Bridge Loans as a Mortgage Opportunity

Bridge loans are short-term, intervening financial assistance for people who need to keep up with payments for property until a more permanent, or another stage of financing means is acquired. The money from the consequent financing source is then used to repay the loan.

This option of obtaining temporary financial support is more commonly used in the real estate business. Here the loan is used the means for tiding over on the mortgage of a new home while the previous one is either currently in the process of being sold, or still not put up on the market for sale.

Bridge loans may be used to quickly close on an existing property, to tide the time gaps between long-term financing opportunities, or, as a last resort, to save a property from being foreclosed.

Bridge loans are of great help to those who are in urgent need of funds to close on a new residence so that the current home can also close on the contract of sale. This requirement is usually the main reason why most people avail of the bridge loan. There are two types of this kind of loan: closed loans are for those whose contract for the sale of the property have been signed, and have pushed through.

This type is usually easy to acquire, since the lender has relatively fewer risks. A set-up fee is required before processing, and the interest on the loan is paid in bulk when the funds from the sale of the property come in. Open loans are for those whose property have not been sold yet, or the contract for the sale is still under negotiation.

This type of loan is difficult to acquire, unless the borrower has an exemplary record at the bank, or he can offer other collateral besides the property which is being sold.

Because of the risks involved on the part of the lender, the rates for the open loan are naturally higher than the closed loan. This loan can become complex, as the lender may even require the borrower to put up his new home as security for the loan, in case he does not have any other collateral to put up.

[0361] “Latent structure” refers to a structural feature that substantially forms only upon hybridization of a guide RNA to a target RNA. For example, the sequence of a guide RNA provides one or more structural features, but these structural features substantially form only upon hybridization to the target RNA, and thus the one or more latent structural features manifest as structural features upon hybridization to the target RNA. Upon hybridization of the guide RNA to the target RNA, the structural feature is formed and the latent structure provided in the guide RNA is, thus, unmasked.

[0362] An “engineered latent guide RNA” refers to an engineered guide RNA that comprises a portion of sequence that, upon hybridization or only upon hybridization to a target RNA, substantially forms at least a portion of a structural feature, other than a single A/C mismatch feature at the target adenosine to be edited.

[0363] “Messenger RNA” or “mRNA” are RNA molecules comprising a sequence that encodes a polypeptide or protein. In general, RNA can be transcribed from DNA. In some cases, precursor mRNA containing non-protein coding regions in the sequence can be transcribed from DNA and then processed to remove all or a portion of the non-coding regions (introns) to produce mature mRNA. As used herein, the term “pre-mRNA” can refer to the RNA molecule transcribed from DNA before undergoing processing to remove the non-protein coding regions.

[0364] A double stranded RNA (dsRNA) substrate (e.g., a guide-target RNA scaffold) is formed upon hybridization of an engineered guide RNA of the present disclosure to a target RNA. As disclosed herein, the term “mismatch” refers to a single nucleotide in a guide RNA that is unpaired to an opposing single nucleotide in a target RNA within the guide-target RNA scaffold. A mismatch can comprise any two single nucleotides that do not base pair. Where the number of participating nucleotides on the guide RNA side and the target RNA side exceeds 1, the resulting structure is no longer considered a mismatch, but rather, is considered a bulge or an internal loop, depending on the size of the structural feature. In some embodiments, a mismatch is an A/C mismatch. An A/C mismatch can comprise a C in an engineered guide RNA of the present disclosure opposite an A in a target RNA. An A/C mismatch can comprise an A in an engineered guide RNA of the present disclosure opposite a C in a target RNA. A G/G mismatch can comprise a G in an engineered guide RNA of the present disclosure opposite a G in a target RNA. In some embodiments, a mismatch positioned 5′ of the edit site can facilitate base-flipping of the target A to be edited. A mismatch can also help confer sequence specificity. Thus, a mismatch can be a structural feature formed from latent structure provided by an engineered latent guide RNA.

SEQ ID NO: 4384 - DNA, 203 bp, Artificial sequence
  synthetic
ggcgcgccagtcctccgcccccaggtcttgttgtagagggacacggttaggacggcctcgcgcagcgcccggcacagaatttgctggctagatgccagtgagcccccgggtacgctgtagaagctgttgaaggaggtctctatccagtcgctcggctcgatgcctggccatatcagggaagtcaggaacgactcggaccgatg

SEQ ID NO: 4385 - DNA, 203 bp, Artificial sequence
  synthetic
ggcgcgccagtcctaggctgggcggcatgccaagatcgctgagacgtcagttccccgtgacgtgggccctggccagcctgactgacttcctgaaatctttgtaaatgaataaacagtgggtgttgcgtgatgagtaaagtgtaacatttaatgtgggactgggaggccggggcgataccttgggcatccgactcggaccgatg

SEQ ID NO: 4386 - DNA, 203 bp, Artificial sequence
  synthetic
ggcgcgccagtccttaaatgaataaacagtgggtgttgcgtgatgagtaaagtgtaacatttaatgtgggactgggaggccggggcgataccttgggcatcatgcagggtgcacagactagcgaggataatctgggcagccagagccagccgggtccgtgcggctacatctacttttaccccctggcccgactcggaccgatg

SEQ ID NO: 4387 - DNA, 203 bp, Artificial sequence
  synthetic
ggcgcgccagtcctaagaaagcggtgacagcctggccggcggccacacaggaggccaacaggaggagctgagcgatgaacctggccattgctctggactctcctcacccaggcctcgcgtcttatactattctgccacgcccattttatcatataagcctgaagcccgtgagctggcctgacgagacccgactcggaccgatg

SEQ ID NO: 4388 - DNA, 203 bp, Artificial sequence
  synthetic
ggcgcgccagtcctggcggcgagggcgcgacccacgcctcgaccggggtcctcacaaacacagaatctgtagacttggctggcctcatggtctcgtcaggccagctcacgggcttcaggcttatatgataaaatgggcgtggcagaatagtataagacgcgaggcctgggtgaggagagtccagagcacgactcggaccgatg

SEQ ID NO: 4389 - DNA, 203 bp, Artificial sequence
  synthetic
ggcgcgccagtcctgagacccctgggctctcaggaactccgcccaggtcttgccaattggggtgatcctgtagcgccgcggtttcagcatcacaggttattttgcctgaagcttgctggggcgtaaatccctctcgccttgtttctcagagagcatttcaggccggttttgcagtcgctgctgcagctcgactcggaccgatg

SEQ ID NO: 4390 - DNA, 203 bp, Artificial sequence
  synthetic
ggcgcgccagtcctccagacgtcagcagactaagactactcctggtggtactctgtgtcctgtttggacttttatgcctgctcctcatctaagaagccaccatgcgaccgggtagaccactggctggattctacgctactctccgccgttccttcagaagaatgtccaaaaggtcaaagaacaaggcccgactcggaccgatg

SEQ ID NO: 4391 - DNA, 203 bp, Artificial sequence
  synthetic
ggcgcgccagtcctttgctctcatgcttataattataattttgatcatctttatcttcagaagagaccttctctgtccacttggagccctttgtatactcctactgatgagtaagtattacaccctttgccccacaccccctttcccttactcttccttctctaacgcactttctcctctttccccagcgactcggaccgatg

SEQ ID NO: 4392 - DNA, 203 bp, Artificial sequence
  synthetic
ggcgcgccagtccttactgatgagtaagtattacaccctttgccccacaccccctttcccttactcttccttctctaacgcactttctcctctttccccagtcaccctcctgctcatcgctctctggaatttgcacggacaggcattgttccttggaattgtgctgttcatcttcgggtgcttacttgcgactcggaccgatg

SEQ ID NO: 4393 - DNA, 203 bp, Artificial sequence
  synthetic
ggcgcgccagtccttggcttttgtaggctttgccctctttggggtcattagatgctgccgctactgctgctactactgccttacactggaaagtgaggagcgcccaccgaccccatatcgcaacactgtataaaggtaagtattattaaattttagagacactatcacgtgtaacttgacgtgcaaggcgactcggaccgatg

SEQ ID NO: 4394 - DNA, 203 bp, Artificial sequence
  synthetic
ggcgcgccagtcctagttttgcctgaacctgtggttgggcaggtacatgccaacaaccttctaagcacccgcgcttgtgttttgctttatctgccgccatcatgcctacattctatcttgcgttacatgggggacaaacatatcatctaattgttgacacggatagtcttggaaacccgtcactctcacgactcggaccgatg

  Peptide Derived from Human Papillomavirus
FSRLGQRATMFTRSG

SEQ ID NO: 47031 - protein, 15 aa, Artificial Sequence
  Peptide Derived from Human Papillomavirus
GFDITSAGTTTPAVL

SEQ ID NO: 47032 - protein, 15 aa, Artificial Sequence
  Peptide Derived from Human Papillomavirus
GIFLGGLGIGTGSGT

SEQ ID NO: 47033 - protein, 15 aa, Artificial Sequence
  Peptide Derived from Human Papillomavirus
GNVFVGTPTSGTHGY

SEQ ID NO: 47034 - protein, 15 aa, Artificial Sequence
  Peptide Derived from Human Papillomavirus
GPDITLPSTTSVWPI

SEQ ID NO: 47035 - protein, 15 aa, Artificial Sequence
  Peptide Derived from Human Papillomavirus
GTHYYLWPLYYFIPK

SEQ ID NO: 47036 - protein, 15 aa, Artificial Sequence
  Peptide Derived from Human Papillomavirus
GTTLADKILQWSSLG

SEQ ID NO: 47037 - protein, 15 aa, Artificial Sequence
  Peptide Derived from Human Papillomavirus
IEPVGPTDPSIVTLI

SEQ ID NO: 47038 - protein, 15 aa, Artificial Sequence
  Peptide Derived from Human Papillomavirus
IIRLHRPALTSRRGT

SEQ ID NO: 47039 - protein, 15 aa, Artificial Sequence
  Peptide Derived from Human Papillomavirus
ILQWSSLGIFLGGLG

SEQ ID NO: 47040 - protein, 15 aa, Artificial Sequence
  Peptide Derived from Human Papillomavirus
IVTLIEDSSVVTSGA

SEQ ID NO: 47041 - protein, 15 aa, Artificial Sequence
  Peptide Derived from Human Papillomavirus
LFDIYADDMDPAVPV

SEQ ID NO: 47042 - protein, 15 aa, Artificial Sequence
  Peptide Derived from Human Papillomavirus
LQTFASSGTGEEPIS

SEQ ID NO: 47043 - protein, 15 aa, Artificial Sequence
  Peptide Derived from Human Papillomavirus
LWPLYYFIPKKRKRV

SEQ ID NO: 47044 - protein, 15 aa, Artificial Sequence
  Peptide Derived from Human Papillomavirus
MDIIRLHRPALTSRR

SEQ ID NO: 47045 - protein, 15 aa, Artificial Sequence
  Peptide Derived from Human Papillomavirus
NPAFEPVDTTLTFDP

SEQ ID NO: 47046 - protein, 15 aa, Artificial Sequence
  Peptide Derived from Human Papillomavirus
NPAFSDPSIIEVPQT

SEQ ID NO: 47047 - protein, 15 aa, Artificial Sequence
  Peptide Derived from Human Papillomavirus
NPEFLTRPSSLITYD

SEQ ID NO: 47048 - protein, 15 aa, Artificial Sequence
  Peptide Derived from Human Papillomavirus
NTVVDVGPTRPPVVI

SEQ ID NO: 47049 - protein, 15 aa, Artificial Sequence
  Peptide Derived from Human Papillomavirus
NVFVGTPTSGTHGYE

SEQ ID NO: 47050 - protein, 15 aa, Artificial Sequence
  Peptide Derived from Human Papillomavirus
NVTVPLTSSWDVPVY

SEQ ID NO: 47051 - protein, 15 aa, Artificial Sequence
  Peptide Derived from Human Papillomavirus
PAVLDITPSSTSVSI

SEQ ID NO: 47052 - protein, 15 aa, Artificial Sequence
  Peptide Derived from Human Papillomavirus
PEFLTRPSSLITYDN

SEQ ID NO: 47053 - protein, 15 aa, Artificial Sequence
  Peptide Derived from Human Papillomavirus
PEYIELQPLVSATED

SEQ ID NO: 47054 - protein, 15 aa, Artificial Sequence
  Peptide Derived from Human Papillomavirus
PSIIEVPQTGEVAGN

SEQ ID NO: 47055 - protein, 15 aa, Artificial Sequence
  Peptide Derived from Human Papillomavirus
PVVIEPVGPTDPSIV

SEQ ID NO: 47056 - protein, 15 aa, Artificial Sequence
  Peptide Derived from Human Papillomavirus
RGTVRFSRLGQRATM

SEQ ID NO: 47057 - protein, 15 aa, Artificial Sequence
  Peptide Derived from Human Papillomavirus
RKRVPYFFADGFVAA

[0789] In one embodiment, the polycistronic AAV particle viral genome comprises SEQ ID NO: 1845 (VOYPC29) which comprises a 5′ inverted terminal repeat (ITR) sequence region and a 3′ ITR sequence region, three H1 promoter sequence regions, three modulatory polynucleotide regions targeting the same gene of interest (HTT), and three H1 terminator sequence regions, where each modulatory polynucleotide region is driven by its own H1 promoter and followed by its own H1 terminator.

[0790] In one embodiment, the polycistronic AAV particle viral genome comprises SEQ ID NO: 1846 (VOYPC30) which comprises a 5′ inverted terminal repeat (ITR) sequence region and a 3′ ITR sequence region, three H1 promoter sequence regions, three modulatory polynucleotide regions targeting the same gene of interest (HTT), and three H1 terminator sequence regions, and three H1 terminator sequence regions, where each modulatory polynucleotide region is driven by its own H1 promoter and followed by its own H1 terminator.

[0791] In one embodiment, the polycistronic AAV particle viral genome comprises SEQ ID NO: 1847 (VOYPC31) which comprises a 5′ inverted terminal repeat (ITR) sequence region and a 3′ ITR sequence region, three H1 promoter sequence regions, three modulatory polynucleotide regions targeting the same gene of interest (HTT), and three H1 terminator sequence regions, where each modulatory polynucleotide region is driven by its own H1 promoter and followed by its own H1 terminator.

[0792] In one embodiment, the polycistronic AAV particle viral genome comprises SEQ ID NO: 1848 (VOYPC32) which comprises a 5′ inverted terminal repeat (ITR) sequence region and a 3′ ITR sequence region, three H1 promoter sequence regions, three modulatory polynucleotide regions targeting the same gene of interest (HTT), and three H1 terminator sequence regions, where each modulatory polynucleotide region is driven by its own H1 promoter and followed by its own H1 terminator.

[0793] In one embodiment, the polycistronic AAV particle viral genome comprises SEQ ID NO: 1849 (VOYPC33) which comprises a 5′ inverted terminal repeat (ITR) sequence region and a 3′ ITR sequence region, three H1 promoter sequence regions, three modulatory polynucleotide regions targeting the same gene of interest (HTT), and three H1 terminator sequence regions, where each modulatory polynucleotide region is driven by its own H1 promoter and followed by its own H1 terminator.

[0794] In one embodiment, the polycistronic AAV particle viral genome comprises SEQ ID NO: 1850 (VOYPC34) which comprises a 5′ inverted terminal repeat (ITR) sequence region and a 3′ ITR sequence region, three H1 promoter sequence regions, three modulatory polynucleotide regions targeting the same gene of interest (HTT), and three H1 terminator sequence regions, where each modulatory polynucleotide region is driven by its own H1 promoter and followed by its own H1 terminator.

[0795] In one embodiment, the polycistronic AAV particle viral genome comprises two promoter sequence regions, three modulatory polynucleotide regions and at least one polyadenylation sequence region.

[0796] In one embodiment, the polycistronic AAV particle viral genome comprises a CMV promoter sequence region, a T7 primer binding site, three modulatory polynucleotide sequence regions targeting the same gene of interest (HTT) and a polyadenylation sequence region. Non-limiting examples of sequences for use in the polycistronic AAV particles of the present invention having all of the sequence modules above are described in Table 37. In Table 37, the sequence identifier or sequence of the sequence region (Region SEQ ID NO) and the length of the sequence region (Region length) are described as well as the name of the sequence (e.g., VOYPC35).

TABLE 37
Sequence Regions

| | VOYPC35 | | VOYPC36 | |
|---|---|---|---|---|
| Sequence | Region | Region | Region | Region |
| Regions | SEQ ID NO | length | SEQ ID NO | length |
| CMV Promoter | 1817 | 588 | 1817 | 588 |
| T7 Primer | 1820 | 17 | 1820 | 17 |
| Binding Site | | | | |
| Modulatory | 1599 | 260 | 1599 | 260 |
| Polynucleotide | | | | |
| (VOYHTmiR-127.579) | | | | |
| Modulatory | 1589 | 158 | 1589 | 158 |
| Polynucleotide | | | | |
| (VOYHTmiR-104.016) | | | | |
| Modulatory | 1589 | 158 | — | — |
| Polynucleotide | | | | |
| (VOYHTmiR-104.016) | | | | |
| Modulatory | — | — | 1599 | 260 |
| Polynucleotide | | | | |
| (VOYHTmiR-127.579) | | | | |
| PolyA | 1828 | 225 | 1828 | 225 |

The risks involved in the approval of bridge loans due to its speculative nature has caused banks to hesitate, if not pull back completely from offering bridge loans as an alternative financing method. The terms of the loan do not complement most banks’ lending criteria, and it may encounter difficulties in justifying the practice to investors and government assessors.

Bridge loans are more readily available from individual lenders, investment pools, and business outfits which are specifically put up for the purpose.

In applying for the approval of a bridge loan, the lender usually will ask for a copy of the mortgage offer on the new property, the terms and details of the agreement, and further supporting proof of the status of the current home on the market (whether or not it is really up for sale).

It may also require the borrower to state how he is planning to meet with interest payments on the loan, or the other options he is considering in case the sale of the house won’t push through as planned. For open bridge loans the lender will usually put a year’s limit before repayment; as long as the interest rate for the period is paid, and the property market has dipped, the lender is willing to renegotiate terms.